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Forty years ago this fall, I was seeking a topic for my master's thesis in philosophy. My advisor, a renowned Catholic ethicist, said to me, "You should write something on euthanasia. It will come down the pipe in a few years." His logic was brief, but impeccable: The inviolable value of human life had been violated with the legalization of abortion. Once human life has been made a relative value, it would be attacked on other fronts, euthanasia being the next.
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Right from the word "go," Pope Francis has stirred a variety of emotions among both the faithful and the wider society. When he asked the crowd assembled in St. Peter's Square to bless him on the night he was elected pope, we had every reason to believe we were in for something different. So it is with his long-awaited exhortation on marriage and family life, Amoris Laetitia (The Joy of Love). Many are parsing the supposed key sentences in the document to determine whether the pope changed or watered down Church teaching on the indissolubility of marriage.
Jesuit Father Daniel Berrigan was a radical to the core. Today, it is harder to see that since the cause for which he was most noted - an end to war - has become the Church's cause. That, however, was not always the case, and it certainly was not the case during the Vietnam War. Few U.S. bishops denounced the war, the Knights of Columbus heartily endorsed it and the air was full of the misplaced patriotism of "My country, right or wrong."
In early June, Canada will enter a new dark chapter in its history: Legalized medical killing by euthanasia and assisted suicide. As the law is being prepared for passage, I was invited to give input to the Parliamentary Standing Committee on Justice and Human Rights. (The assisted suicide bill is euphemistically labelled "medical assistance in dying.") I wish with all my heart things had not come to this point where medical killing is being legalized for suicidal sick and disabled people whose deaths are, as the bill states, "reasonably foreseeable" (whatever that means).
'Before you get serious about Jesus, first consider how good you're going to look on wood!" Daniel Berrigan wrote those words and they express a lot about who he was and what he believed in. He died May 1 at age 94. No short tribute can do justice to Dan Berrigan. He defies quick definition and facile description. He was, at once, the single-minded, obsessed activist, even as he was one of the most complex spiritual figures of our generation. He exhibited both the fierceness of John the Baptist and the gentleness of Jesus.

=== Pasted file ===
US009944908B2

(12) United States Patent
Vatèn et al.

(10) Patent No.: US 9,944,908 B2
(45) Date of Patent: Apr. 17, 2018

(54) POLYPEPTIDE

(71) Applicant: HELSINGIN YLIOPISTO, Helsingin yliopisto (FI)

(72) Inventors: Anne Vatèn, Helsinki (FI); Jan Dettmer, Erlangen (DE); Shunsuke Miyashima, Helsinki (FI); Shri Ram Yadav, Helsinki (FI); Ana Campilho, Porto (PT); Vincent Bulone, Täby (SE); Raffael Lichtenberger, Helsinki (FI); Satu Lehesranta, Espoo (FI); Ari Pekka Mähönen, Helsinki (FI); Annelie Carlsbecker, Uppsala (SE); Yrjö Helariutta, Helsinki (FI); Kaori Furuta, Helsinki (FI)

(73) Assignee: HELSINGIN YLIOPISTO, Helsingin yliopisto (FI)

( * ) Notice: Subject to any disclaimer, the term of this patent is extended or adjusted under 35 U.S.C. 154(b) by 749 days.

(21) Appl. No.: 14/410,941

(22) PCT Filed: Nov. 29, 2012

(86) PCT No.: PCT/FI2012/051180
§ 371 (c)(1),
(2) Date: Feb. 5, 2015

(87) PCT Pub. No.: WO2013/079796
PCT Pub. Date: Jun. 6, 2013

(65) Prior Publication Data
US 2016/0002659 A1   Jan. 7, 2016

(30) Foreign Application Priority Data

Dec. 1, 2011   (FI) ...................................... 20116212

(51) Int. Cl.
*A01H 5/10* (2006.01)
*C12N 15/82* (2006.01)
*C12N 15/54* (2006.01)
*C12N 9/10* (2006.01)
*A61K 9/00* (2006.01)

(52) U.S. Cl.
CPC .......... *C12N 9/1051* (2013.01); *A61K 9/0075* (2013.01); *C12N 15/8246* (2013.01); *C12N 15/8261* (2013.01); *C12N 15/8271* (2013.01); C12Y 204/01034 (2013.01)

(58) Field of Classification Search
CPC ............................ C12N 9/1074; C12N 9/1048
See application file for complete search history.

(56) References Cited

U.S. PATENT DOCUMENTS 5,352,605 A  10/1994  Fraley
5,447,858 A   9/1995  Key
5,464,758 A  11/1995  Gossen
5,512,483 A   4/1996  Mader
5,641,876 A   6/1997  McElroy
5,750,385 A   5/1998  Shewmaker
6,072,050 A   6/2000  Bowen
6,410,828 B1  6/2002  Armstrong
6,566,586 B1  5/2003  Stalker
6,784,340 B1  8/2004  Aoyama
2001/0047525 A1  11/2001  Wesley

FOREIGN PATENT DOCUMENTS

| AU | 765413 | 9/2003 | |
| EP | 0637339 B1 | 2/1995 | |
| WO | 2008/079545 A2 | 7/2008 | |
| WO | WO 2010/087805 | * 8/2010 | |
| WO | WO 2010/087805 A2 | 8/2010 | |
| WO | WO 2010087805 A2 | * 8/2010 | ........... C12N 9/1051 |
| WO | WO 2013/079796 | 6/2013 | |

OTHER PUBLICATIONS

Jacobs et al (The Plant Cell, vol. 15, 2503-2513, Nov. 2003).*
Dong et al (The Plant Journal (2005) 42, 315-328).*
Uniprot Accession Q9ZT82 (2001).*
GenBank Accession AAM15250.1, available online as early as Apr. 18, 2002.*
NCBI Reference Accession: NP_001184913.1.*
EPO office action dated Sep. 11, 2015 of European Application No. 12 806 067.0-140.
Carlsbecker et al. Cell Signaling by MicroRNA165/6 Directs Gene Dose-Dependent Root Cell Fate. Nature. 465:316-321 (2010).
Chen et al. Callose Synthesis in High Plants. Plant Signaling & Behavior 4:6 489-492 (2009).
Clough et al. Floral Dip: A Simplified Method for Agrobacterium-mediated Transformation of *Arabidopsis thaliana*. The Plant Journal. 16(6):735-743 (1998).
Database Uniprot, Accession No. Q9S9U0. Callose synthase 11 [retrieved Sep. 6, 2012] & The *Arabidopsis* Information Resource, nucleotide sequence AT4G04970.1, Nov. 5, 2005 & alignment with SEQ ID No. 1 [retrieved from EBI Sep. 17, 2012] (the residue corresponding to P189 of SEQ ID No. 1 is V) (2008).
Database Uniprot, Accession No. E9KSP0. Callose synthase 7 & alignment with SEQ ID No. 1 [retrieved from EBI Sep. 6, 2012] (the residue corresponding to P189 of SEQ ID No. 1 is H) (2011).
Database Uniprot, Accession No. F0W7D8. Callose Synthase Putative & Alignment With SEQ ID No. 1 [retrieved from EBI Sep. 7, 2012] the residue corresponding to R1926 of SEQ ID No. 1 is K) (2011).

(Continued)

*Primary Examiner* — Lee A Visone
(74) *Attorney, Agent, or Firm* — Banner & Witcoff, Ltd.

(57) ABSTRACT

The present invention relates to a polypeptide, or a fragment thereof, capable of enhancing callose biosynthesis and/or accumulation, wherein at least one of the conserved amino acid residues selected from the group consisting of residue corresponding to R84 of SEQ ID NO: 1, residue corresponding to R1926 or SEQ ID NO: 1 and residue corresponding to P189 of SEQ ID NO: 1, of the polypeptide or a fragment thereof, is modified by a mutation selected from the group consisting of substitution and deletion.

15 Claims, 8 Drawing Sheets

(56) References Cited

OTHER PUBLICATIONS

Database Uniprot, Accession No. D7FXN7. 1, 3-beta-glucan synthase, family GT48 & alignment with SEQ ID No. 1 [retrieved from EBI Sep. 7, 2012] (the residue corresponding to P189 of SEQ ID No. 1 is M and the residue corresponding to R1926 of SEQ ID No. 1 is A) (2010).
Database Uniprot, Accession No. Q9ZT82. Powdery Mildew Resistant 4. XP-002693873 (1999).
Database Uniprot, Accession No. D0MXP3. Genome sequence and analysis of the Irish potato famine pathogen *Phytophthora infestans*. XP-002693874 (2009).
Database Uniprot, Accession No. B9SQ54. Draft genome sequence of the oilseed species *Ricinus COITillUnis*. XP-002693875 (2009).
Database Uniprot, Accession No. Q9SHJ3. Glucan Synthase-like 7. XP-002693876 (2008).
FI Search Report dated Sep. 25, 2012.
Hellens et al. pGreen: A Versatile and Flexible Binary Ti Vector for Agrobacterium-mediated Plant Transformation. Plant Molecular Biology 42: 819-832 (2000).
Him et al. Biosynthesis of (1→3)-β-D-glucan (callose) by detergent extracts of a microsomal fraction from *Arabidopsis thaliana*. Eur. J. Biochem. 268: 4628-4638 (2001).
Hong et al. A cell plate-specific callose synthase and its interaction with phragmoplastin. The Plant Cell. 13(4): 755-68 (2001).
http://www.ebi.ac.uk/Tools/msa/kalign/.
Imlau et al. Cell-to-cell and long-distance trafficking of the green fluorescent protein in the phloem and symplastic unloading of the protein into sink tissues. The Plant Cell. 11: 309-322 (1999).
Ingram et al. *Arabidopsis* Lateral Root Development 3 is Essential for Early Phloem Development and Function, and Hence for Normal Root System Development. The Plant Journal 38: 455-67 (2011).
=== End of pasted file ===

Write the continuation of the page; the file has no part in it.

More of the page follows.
Springtime and the living is busy. Of course, the usual dusty duties demand to be dealt with. The secret to keeping this season of rebirth joyful is to turn winter-weary eyes to the garden. That place of growth can be anything from the front flower and vegetable beds to a plot of land borrowed from a friend or a neighbour's flower pot on the window sill. Flowers and herbs are beautiful. They fragrantly nourish the soul with their beauty and, in the case of herbs and some flowers, their taste.
We lost another friend this week. I first met him in 1994. I suppose when you get over 50 those things start happening, especially for your friends. I have schizophrenia. Lots of our friends have serious mental illnesses. Unfortunately, that also means they have a shorter life expectancy, as much as 25 years less than the general population. Some of this is because of the medication. Some of this is because of the higher rate of smoking among the mentally ill.
In an ancient, fifth-century Roman church in Trastevere lies the body of a young woman named Cecilia. Cecilia, a well-born, wealthy woman died because she would not renounce Christ. Her Roman persecutors tried to kill her discreetly, by suffocating her in her bath at home. The young woman survived and, while bearing the torture, sang. Finally, a soldier used his sword to cut her neck, but failed to kill her instantly. Her body was initially buried in the catacombs of St. Calixtus. After a few centuries, she was to be moved to the church in Trastevere.
I have been thinking lately about what it means to be powerless. If a car is powerless, it cannot move. If the power goes out in my house, I cannot use my appliances. We don't like the idea of not having any power. Money gives us personal power. Our media devices give us power. But Jesus says something amazing in the Gospel of John: "Without me, you can do nothing" (15.5). We should let that soak into the core of our being.
Pope Francis repositioned the entire global debate around climate change when he released the first-ever encyclical on Christian responsibility to protect the environment. Laudato Sí was timely, morally incisive and prophetic. Now, almost one year later, we have an historic opportunity to direct the way Canada will address climate change. Will faith communities show up - in timely, incisive and prophetic ways - or leave the moral and ethical issues surrounding climate change up in the clouds?